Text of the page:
# Top Machine Learning Algorithms an Artificial Intelligence Expert Must-Know

Machine learning has become the tech du jour for technology professionals, especially in the present era where artificial intelligence (AI) is taking over the world.

After all, machine learning is the key driver that enabled self-driving cars, practical speech recognition, or an advanced understanding of the human genome.

Because of its expertise in making predictions just by observing past experiences, machine learning technology is now used by multiple industries. As an artificial intelligence expert, one needs to know different ML algorithms along with their purposes.

Let us take a tour and categorize the top machine learning algorithms you might need to master.

Logistic regression

Renowned algorithm ideal for estimating discrete values i.e. binary values, 0,1 taken from a set of independent variables. The algorithm helps predict any type of probability of any event, and this is done by simply fitting the data to a logic function, thus called the logit model.

The below-mentioned methods often help boost logistic regression models –

• Eliminating features
• Usage of the non-linear model
• Interaction terms
• Regularize techniques

Linear regression

Linear regression is a linear model most frequently used in the statistical technique. It also one of the most understood machine learning algorithms used in machine learning projects. This method attempts to model two variables by fixing a linear equation for observing data. One of the variables is to be considered as the explanatory variable while the other will be considered a dependent variable.

For instance, an artificial intelligence expert will want to use a linear regression model to relate the weights of individuals to their respective heights.

However, before attempting to fix a linear model to the observed data, the modeler needs to check whether there is a relation between those variables of interest or not. A linear regression’s line has an equation –

Y = a + bX, where X is the explanatory variable, and Y is the dependent variable, a is a slope, and b is where it intercepts.

Naïve Bayes

A certain feature in a class is said to be unrelated to the feature of another feature, Naïve Bayes assumes this theorem.

Despite having similar features, the Naïve Bayes classifier will still consider all these properties independently, but while making the final probability calculation of a certain outcome. This model is easy to build and is used in large datasets.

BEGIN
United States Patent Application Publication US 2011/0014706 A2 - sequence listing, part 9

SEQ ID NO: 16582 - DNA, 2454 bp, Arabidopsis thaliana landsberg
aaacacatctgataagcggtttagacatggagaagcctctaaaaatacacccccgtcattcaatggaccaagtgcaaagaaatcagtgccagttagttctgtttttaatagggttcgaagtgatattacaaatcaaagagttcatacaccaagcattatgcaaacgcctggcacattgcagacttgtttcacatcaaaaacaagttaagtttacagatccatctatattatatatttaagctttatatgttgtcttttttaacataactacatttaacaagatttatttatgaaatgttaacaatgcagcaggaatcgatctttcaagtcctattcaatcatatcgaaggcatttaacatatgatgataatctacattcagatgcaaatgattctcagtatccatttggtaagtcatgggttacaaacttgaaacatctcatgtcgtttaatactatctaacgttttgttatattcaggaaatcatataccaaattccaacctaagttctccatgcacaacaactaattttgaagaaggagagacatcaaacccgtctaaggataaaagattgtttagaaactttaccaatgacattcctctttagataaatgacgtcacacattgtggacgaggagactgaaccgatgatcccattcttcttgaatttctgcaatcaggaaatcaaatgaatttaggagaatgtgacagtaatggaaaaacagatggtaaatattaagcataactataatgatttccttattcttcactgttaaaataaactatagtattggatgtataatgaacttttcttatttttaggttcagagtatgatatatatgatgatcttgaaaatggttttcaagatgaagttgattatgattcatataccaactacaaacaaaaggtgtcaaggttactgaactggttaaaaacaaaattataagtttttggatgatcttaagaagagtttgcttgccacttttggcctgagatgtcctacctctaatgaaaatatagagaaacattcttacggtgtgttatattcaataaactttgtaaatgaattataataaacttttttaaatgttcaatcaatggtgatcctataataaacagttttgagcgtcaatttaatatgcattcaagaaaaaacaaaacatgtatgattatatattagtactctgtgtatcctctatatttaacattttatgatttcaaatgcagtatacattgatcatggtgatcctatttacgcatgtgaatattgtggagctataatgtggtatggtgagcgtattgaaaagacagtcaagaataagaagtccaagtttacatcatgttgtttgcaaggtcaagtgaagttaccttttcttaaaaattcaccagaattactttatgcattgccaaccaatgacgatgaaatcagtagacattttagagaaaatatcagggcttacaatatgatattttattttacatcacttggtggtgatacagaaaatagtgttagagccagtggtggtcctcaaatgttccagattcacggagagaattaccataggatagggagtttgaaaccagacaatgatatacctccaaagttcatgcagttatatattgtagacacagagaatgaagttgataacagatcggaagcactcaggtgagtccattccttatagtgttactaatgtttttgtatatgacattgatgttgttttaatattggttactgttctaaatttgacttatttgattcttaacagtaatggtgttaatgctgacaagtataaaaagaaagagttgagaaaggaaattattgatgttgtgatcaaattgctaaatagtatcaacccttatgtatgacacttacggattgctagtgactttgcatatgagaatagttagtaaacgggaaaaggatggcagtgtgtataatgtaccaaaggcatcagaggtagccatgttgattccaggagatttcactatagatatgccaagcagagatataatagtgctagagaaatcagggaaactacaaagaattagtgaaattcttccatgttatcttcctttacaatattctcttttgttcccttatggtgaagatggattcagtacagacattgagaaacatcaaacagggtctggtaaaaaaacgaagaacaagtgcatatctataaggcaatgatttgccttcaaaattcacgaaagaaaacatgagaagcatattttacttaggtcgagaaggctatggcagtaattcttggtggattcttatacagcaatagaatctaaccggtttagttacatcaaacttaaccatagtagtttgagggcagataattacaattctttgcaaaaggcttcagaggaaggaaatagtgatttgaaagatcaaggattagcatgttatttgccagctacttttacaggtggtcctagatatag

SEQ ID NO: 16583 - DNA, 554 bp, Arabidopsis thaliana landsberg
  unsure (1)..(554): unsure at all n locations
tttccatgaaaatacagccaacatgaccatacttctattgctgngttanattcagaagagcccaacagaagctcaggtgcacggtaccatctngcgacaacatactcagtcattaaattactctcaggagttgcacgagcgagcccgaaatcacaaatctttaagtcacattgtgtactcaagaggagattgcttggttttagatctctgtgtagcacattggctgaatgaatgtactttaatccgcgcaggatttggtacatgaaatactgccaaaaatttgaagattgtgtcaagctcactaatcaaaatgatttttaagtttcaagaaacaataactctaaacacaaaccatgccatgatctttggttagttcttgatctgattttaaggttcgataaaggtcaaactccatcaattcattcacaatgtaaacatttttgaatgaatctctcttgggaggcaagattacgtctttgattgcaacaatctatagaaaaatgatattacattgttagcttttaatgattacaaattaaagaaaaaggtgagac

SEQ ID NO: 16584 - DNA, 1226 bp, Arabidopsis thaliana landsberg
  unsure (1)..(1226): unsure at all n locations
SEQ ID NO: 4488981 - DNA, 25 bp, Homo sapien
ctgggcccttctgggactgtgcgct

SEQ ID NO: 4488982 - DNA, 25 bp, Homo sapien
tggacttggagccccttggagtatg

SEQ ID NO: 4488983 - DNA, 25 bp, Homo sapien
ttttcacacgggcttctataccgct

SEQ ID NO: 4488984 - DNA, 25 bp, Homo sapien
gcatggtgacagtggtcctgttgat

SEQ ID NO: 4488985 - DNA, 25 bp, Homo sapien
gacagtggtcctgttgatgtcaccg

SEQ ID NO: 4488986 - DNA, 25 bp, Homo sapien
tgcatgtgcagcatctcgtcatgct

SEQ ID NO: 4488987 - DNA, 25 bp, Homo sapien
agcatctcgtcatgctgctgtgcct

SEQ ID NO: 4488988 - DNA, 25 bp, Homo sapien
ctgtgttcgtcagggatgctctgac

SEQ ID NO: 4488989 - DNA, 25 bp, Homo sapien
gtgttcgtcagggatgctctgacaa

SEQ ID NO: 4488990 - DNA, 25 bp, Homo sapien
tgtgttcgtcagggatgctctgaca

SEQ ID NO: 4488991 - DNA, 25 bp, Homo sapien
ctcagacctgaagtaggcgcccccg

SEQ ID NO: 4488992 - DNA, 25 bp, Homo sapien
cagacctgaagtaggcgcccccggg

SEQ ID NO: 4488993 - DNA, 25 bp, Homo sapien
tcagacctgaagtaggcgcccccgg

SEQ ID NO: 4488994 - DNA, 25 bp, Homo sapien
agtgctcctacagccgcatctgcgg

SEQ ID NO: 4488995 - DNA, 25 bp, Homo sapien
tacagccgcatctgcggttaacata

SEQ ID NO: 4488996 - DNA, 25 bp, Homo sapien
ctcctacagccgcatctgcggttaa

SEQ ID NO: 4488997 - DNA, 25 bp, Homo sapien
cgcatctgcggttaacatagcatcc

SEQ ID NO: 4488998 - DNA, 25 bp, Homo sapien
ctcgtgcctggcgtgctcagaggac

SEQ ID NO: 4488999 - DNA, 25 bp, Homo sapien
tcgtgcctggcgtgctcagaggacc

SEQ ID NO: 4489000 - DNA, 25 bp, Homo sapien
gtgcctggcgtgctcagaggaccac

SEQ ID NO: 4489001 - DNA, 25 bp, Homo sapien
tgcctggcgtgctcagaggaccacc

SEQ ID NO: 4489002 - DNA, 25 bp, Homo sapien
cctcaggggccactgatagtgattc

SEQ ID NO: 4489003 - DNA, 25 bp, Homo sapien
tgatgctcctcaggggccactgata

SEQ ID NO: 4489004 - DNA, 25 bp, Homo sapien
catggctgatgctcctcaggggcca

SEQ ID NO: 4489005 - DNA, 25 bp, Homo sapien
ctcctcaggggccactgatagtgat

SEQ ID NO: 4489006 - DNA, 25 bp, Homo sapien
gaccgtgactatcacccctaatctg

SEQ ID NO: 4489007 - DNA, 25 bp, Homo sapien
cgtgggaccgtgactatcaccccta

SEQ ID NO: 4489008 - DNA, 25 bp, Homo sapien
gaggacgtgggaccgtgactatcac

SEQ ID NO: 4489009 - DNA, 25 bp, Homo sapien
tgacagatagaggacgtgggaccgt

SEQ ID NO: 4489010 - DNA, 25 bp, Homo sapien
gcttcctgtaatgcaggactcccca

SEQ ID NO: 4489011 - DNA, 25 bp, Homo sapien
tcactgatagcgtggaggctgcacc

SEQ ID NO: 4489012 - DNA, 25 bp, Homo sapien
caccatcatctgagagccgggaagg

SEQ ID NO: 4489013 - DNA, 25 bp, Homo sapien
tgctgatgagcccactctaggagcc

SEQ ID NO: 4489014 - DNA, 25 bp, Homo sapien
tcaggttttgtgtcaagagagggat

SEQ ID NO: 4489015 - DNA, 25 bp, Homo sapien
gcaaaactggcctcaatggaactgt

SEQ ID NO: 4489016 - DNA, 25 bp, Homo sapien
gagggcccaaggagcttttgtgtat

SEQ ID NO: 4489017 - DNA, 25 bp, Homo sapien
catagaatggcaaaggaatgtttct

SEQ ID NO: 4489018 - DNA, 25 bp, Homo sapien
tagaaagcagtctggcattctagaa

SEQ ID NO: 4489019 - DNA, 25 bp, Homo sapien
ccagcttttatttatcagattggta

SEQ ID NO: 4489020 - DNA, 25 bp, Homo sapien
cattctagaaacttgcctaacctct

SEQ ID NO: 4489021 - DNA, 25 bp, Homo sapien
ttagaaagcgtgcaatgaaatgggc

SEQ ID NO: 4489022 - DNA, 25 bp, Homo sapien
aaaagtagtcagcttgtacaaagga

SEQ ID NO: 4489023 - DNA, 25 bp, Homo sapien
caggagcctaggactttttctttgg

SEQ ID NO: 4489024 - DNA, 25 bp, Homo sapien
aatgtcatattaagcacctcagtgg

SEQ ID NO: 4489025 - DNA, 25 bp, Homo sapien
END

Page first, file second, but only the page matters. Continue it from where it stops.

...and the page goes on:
K-Means

The unsupervised algorithm is used for solving cluster problems. For instance, many data sets can be classified into a certain number of clusters, this can be called K. Thus, they are formed in such a manner where all these data points could be heterogeneous and homogenous from the data in the other cluster.

This is how K-means form clusters –

• It picks a certain number of points called centroids for every cluster.
• For each data point if forms a cluster which is closest to the centroid, also called K clusters.
• This is where new centroids are created according to the existing cluster members.
• So now the new centroids and the nearest distance for every data point is then calculated. The repetitive process continues until these centroids don’t alter their form.

You can easily learn these algorithms through programming and advance your skillset with the help of the best AI certification programs available online.

KNN (K- Nearest Neighbors)

This algorithm can be used for both regression and classification problems. However, in the data science industry, it has been frequently used for solving classification problems. This is one of the simplest algorithms which stores most cases and then classifies them by getting the highest vote of their k-neighbors. Once this happens, the case is then given to another class with the most common feature present in it.

Here’s what you need to take care of before choosing KNN –

• The variables should be normal or may cause bias in the algorithm
• Data should be pre-processed
• It is computationally expensive